A case of primary cutaneous anaplastic large cell lymphoma that was characterized by a striking clear cell appearance occurring in the thigh of a 38-year-old man is described. The tumor presented as a large ulcer with indurated borders and serosanguinous base measuring 9.0 × 4.0 cm. A biopsy of the lesion showed a dense mononuclear cell infiltrate replacing the dermis and focally infiltrating the epidermis. The infiltrate consisted of nests and sheets of large pleomorphic tumor cells with large atypical nuclei displaying nuclear irregularities with occasional prominent nucleoli. The tumor cells were surrounded by an ample rim of clear cytoplasm imparting them with a clear cell appearance. The cells splayed the collagen in the dermis creating a compartmentalized appearance suggestive of an epithelial neoplasm. Immunohistochemical stains showed positivity of the tumor cells for CD3, CD4, CD30, and CD45RO, and negative staining for cytokeratin AE1/AE3, p63, S-100 protein, ALK-1, PAX5, CD8, CD15, CD20, CD43, and CD56, and Epstein-Barr–encoded RNA test in situ hybridization. A MIB-1 proliferation marker showed nuclear positivity in approximately 40% of the tumor cells. This case is remarkable for its striking clear cell appearance, which may lead to confusion for other tumors. Awareness of this unusual morphologic appearance in anaplastic large cell lymphoma is of important for proper diagnosis and treatment.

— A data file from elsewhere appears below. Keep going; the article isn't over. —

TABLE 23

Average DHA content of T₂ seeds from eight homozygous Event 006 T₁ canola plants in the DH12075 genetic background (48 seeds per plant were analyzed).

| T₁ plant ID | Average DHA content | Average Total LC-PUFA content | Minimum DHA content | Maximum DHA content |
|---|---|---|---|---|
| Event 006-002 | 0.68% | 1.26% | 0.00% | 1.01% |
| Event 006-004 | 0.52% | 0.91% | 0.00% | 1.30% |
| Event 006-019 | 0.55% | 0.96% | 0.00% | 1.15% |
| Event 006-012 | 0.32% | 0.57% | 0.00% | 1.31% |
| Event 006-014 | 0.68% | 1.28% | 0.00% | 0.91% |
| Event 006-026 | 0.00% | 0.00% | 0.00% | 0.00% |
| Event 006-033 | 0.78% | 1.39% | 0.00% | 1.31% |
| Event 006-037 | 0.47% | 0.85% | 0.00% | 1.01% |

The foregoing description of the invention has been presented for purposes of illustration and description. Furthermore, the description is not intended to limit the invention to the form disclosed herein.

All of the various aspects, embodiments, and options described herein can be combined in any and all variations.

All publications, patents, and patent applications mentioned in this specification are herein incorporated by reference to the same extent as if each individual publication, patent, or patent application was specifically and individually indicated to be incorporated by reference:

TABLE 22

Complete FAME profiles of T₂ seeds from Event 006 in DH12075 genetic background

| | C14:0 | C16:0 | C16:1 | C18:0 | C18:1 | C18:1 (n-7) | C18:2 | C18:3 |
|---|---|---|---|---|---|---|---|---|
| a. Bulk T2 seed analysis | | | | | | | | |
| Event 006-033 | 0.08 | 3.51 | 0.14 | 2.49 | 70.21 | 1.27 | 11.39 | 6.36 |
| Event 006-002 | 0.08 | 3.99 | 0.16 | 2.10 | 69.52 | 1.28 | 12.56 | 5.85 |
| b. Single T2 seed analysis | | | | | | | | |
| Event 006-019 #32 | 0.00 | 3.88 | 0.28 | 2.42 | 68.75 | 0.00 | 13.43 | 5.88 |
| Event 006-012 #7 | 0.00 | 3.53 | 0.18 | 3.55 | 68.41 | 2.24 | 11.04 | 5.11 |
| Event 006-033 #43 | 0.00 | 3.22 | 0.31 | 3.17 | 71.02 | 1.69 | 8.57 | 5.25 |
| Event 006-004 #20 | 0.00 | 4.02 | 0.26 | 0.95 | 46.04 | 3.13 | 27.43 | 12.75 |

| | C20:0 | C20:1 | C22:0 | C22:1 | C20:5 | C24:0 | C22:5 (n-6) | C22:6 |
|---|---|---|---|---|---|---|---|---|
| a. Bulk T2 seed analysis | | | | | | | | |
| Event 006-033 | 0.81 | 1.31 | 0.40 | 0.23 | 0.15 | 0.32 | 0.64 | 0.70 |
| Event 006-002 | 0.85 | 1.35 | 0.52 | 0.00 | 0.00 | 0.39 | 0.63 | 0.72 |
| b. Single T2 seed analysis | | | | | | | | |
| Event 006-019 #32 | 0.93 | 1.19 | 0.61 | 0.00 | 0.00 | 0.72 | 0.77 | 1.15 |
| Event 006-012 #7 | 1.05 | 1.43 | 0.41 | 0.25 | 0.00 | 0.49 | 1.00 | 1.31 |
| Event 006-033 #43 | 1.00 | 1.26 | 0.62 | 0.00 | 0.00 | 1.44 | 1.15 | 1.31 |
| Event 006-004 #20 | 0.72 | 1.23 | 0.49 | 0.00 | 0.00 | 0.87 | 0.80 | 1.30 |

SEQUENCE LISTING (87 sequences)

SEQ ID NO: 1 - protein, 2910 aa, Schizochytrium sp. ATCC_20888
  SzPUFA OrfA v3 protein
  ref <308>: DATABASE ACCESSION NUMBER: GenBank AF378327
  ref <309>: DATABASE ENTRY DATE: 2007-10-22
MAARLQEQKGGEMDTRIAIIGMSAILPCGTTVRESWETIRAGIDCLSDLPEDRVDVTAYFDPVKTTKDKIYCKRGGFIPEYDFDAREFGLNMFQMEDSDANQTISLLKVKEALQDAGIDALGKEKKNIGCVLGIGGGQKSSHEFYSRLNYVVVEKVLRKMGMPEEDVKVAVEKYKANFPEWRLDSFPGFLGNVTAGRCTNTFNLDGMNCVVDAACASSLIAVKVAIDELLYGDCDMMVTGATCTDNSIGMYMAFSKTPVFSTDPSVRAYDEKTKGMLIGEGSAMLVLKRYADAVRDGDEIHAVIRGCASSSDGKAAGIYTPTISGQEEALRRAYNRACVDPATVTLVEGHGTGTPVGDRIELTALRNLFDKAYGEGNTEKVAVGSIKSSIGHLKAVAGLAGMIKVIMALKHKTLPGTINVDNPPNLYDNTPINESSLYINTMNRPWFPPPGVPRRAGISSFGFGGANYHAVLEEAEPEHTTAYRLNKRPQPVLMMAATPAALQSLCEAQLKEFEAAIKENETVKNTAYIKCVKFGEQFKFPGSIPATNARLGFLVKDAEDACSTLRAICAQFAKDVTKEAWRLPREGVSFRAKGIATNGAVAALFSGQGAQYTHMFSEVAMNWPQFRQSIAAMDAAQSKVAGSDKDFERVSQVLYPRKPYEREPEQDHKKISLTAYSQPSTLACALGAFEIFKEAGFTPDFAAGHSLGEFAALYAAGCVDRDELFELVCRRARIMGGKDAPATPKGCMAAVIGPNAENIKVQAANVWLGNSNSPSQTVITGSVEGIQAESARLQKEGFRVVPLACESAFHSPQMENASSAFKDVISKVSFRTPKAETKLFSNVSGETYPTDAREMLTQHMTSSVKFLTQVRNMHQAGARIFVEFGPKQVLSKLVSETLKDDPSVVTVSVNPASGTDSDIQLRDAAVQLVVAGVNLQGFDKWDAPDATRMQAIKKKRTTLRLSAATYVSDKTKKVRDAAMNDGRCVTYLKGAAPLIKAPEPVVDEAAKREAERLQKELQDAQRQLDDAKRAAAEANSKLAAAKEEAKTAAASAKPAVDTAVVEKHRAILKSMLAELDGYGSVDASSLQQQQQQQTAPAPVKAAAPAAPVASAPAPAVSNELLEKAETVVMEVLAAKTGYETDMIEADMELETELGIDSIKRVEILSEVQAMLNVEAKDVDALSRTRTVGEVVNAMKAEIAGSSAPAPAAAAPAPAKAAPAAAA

Departments of *Pathology, and
†Internal Medicine, Medical College of Wisconsin, Milwaukee, WI; and
‡Department of Dermatology, Social Security Hospital, Guayaquil, Ecuador.
Correspondence: Saul Suster, MD, Department of Pathology, Medical College of Wisconsin, 9200 W. Wisconsin Avenue, Milwaukee, WI 53226 (e-mail: email@example.com).
The authors declare no conflicts of interest.